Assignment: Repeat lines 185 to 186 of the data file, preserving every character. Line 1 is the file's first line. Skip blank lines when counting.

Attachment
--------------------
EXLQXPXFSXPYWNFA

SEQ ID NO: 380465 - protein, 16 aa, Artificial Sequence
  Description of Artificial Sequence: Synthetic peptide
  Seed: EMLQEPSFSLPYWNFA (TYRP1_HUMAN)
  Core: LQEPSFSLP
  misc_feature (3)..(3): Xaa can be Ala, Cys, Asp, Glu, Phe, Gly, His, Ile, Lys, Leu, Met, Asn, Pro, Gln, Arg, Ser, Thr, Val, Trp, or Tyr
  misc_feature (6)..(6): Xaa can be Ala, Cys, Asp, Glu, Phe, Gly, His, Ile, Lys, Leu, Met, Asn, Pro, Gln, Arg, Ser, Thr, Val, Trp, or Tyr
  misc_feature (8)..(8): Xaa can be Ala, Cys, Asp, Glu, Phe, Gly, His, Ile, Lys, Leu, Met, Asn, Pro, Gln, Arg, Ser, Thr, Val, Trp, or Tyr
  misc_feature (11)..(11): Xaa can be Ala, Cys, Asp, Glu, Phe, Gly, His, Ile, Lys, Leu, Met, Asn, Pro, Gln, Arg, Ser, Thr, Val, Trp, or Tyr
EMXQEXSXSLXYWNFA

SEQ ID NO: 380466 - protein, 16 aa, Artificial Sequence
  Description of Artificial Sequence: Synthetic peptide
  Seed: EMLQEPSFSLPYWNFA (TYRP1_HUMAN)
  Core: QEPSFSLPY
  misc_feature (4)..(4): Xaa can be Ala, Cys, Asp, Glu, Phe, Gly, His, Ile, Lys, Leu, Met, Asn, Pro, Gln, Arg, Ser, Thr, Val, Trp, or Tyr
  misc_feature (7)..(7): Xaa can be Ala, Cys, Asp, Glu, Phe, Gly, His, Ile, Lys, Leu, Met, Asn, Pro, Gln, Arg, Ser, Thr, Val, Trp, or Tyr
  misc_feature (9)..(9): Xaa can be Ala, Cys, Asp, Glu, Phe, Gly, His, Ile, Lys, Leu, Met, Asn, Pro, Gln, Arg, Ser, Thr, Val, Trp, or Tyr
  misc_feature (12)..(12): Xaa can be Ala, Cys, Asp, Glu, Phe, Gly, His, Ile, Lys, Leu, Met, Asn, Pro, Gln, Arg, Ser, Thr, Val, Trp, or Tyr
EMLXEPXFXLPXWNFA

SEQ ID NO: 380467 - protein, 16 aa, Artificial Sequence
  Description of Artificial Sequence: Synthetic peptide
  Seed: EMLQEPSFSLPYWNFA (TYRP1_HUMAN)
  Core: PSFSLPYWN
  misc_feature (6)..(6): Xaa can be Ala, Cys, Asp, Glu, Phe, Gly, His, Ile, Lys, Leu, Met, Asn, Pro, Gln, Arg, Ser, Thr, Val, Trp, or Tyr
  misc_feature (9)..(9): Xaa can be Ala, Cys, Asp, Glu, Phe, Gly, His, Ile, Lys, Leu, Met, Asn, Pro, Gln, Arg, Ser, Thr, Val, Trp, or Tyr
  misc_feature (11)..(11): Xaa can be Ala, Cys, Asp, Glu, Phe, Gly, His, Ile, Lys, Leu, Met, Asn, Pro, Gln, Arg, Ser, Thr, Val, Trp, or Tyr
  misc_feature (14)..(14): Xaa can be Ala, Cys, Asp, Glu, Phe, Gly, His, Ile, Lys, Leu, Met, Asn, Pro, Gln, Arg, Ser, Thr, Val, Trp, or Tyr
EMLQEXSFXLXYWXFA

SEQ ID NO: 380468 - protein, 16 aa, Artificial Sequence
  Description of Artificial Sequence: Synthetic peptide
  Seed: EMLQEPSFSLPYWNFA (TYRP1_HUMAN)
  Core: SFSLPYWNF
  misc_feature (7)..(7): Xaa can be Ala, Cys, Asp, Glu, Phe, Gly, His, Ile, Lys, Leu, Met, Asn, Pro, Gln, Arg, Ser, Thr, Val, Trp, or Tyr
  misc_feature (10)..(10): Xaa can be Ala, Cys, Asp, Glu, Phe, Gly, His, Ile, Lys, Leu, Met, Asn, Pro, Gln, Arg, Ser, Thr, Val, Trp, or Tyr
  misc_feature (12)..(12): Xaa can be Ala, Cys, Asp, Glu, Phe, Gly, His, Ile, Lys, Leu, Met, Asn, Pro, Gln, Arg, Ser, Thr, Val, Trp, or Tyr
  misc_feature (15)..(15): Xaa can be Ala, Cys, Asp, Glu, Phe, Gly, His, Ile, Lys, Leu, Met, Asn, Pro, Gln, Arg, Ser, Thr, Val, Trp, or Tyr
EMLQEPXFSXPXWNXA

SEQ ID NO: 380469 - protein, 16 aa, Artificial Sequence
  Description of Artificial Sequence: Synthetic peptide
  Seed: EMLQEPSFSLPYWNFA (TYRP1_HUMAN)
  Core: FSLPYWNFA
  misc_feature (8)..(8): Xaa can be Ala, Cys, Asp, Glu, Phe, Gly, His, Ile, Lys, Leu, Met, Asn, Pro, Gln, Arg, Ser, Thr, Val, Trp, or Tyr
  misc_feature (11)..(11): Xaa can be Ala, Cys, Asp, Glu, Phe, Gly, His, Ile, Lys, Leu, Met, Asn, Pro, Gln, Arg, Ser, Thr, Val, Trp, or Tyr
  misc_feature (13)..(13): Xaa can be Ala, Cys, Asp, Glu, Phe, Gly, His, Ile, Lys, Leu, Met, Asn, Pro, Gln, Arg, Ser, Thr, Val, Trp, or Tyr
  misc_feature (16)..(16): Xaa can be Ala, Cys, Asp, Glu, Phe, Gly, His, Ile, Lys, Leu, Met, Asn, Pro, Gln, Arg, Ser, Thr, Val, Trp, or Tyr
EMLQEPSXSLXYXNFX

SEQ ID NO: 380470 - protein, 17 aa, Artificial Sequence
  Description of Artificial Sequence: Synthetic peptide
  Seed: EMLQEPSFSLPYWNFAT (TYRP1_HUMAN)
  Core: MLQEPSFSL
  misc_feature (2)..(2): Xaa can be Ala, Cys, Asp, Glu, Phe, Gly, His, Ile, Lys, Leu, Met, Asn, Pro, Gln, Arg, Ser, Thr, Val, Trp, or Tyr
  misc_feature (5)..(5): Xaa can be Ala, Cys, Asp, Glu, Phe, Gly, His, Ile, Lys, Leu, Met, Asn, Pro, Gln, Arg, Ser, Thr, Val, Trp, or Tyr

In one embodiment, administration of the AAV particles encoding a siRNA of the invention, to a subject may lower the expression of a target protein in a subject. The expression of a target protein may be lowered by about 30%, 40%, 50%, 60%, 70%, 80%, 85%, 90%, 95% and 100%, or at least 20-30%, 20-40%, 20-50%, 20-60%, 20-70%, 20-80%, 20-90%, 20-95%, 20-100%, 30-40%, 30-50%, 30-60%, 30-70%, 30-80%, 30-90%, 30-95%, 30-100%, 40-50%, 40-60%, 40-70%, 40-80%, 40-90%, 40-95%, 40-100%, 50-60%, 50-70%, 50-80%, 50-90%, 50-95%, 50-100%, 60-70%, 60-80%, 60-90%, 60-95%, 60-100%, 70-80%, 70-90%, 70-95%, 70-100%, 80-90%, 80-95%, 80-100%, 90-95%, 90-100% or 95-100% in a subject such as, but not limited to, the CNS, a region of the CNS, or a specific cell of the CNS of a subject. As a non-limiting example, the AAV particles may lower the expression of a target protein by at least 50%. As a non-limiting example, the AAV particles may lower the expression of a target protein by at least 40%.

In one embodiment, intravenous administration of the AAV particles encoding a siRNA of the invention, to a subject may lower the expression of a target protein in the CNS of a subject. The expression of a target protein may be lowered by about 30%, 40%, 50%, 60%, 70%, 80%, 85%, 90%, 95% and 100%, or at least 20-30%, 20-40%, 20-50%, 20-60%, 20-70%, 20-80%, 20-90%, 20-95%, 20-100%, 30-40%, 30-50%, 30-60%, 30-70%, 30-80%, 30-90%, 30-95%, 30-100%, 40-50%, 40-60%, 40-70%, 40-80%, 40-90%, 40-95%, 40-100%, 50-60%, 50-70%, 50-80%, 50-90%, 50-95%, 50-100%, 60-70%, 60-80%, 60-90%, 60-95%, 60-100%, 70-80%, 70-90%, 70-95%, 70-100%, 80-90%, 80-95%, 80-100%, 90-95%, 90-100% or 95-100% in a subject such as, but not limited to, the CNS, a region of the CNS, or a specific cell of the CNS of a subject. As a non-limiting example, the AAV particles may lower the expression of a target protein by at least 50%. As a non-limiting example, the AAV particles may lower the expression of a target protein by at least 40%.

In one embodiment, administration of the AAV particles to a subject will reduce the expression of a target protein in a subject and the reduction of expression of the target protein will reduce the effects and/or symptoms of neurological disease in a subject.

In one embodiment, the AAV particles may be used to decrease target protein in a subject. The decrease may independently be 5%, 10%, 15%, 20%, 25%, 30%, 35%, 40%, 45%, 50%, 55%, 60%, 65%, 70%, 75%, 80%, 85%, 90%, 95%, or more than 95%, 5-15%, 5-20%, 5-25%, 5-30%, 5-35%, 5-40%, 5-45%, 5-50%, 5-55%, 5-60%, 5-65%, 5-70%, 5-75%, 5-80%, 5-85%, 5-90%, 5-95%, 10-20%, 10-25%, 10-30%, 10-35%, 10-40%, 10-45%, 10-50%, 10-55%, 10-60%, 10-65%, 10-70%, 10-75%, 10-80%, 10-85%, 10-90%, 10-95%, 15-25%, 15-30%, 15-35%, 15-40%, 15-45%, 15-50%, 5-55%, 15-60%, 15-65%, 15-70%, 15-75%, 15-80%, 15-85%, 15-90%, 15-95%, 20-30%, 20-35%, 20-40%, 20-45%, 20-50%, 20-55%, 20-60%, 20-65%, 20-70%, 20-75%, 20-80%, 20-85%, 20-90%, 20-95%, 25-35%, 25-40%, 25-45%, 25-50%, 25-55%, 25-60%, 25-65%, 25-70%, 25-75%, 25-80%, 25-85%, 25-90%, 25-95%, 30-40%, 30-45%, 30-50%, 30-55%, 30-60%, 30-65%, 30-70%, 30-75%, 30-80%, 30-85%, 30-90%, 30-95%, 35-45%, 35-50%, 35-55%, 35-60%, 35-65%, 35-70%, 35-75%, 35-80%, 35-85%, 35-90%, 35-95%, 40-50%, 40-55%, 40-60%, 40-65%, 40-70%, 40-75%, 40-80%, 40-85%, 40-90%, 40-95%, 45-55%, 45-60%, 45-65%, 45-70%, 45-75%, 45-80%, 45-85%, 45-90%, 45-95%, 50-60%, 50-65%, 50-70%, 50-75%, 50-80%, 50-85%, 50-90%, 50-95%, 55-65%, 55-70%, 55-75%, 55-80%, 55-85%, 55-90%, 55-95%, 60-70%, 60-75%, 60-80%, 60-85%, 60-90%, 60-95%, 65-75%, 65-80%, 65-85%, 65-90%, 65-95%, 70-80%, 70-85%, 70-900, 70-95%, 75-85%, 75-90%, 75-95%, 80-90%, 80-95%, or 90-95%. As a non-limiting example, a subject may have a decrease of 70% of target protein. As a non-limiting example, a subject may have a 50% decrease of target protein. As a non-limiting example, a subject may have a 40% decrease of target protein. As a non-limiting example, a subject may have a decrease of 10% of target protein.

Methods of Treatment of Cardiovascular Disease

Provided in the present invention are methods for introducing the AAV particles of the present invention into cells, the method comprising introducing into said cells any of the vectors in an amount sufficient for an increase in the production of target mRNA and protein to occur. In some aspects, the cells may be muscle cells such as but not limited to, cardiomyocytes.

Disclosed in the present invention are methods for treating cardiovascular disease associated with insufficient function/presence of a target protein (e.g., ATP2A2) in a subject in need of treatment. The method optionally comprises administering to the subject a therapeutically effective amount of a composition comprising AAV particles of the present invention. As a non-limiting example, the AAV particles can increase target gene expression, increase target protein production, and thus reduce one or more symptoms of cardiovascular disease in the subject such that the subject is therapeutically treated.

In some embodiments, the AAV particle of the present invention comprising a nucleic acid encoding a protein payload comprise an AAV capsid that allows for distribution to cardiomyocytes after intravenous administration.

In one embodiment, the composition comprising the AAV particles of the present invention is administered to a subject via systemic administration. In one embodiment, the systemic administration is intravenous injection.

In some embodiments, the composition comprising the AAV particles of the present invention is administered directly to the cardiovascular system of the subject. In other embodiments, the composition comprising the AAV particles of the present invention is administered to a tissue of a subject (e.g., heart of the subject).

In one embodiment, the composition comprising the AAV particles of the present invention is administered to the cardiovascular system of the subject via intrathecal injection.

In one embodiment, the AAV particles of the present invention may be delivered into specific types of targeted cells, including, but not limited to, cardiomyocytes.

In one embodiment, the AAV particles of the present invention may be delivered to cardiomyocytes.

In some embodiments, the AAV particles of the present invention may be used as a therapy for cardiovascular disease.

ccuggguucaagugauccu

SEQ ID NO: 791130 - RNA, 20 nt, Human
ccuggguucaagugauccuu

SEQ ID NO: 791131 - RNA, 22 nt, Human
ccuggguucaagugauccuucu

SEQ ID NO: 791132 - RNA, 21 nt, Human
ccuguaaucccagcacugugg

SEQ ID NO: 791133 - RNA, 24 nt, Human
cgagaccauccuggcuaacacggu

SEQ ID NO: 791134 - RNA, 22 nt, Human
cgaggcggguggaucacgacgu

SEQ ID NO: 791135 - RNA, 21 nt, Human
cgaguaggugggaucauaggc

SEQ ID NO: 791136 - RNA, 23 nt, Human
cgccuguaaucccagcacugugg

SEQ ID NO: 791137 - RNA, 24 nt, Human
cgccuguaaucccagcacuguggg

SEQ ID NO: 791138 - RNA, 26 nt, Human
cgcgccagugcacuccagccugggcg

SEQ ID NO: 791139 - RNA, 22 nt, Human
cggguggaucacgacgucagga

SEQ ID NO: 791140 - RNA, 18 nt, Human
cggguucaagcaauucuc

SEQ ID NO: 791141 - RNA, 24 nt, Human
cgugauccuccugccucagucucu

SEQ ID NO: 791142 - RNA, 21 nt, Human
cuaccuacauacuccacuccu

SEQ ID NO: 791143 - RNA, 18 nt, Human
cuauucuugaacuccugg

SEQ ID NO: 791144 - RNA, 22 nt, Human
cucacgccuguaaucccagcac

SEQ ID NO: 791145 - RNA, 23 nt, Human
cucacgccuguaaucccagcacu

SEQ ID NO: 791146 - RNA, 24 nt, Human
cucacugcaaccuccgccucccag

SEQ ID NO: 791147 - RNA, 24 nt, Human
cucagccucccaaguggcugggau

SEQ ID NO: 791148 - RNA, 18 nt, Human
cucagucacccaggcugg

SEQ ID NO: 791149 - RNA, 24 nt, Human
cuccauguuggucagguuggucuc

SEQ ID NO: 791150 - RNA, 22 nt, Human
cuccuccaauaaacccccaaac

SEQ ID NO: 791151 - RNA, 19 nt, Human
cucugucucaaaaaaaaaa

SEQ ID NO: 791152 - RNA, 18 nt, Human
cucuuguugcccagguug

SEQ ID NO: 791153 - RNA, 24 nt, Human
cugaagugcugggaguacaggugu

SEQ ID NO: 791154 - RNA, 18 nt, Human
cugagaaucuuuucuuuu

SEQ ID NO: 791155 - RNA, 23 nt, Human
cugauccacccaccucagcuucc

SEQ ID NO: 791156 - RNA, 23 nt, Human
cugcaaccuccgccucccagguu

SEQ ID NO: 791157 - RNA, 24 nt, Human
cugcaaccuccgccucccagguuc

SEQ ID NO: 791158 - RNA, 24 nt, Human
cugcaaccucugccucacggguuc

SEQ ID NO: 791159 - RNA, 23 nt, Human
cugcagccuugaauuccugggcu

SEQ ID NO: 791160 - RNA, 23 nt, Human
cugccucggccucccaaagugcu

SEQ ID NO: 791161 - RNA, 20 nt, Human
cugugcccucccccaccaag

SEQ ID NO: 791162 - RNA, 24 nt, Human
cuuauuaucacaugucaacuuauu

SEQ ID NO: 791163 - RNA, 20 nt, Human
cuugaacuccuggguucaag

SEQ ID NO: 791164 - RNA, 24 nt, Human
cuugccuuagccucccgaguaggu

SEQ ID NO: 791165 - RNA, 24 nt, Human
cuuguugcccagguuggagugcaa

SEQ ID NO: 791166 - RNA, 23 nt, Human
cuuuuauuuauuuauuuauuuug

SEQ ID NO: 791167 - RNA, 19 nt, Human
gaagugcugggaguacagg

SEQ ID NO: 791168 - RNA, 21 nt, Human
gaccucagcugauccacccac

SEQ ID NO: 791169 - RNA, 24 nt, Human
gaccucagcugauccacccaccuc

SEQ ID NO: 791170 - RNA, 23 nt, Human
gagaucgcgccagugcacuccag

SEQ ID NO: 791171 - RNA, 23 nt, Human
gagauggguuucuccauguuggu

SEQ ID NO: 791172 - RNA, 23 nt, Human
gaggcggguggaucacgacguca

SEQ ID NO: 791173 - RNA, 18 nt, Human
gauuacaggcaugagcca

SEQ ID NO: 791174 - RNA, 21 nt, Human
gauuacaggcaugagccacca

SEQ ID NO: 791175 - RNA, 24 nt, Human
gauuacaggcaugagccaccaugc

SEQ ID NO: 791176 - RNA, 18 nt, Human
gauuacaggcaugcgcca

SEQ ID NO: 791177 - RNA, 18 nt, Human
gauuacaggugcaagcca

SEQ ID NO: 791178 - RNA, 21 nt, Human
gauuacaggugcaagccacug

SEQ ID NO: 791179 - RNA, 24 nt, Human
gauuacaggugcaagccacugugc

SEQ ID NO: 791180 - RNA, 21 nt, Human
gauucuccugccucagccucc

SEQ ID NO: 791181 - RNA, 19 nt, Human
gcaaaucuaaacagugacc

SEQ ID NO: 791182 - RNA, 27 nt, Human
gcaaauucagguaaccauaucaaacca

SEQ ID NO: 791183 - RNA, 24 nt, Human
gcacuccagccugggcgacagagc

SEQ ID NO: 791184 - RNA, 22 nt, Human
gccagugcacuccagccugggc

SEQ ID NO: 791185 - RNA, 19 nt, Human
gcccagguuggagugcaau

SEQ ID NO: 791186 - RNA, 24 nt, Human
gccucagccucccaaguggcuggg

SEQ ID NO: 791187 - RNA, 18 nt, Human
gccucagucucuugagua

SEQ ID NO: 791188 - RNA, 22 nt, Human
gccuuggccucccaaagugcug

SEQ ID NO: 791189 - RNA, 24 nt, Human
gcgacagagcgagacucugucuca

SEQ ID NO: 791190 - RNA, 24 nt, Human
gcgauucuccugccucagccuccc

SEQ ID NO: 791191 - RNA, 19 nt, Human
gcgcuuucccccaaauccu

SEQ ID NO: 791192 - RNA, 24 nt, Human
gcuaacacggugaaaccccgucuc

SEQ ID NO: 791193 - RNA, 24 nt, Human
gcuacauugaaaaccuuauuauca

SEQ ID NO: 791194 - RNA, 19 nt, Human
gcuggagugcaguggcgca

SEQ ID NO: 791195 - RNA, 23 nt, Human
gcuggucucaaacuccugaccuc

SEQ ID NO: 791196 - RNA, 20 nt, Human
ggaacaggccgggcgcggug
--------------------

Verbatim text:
gccuuggccucccaaagugcug

SEQ ID NO: 791189 - RNA, 24 nt, Human